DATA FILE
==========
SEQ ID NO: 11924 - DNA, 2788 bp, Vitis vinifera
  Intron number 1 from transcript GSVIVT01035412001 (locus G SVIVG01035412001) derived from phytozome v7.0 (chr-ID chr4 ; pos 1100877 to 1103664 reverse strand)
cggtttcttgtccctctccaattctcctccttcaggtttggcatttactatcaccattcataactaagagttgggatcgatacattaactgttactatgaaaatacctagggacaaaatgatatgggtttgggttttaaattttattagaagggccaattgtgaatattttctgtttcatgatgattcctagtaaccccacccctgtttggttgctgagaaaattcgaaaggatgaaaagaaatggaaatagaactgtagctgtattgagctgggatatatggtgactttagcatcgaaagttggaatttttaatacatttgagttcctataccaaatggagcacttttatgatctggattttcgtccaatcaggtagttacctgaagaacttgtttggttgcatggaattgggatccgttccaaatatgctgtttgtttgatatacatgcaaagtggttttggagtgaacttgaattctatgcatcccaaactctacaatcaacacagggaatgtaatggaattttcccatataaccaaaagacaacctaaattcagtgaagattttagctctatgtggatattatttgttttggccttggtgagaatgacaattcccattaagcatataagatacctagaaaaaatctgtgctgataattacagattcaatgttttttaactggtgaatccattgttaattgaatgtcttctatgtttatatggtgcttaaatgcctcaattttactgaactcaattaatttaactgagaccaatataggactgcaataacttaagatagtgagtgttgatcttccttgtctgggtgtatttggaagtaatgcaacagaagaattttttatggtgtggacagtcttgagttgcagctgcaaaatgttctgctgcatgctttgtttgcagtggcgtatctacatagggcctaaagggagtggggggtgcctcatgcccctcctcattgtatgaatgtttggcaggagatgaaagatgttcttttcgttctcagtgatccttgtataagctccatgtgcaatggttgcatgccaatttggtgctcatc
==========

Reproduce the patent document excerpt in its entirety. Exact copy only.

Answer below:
SEQ ID NO: 11924 - DNA, 2788 bp, Vitis vinifera
  Intron number 1 from transcript GSVIVT01035412001 (locus G SVIVG01035412001) derived from phytozome v7.0 (chr-ID chr4 ; pos 1100877 to 1103664 reverse strand)
cggtttcttgtccctctccaattctcctccttcaggtttggcatttactatcaccattcataactaagagttgggatcgatacattaactgttactatgaaaatacctagggacaaaatgatatgggtttgggttttaaattttattagaagggccaattgtgaatattttctgtttcatgatgattcctagtaaccccacccctgtttggttgctgagaaaattcgaaaggatgaaaagaaatggaaatagaactgtagctgtattgagctgggatatatggtgactttagcatcgaaagttggaatttttaatacatttgagttcctataccaaatggagcacttttatgatctggattttcgtccaatcaggtagttacctgaagaacttgtttggttgcatggaattgggatccgttccaaatatgctgtttgtttgatatacatgcaaagtggttttggagtgaacttgaattctatgcatcccaaactctacaatcaacacagggaatgtaatggaattttcccatataaccaaaagacaacctaaattcagtgaagattttagctctatgtggatattatttgttttggccttggtgagaatgacaattcccattaagcatataagatacctagaaaaaatctgtgctgataattacagattcaatgttttttaactggtgaatccattgttaattgaatgtcttctatgtttatatggtgcttaaatgcctcaattttactgaactcaattaatttaactgagaccaatataggactgcaataacttaagatagtgagtgttgatcttccttgtctgggtgtatttggaagtaatgcaacagaagaattttttatggtgtggacagtcttgagttgcagctgcaaaatgttctgctgcatgctttgtttgcagtggcgtatctacatagggcctaaagggagtggggggtgcctcatgcccctcctcattgtatgaatgtttggcaggagatgaaagatgttcttttcgttctcagtgatccttgtataagctccatgtgcaatggttgcatgccaatttggtgctcatc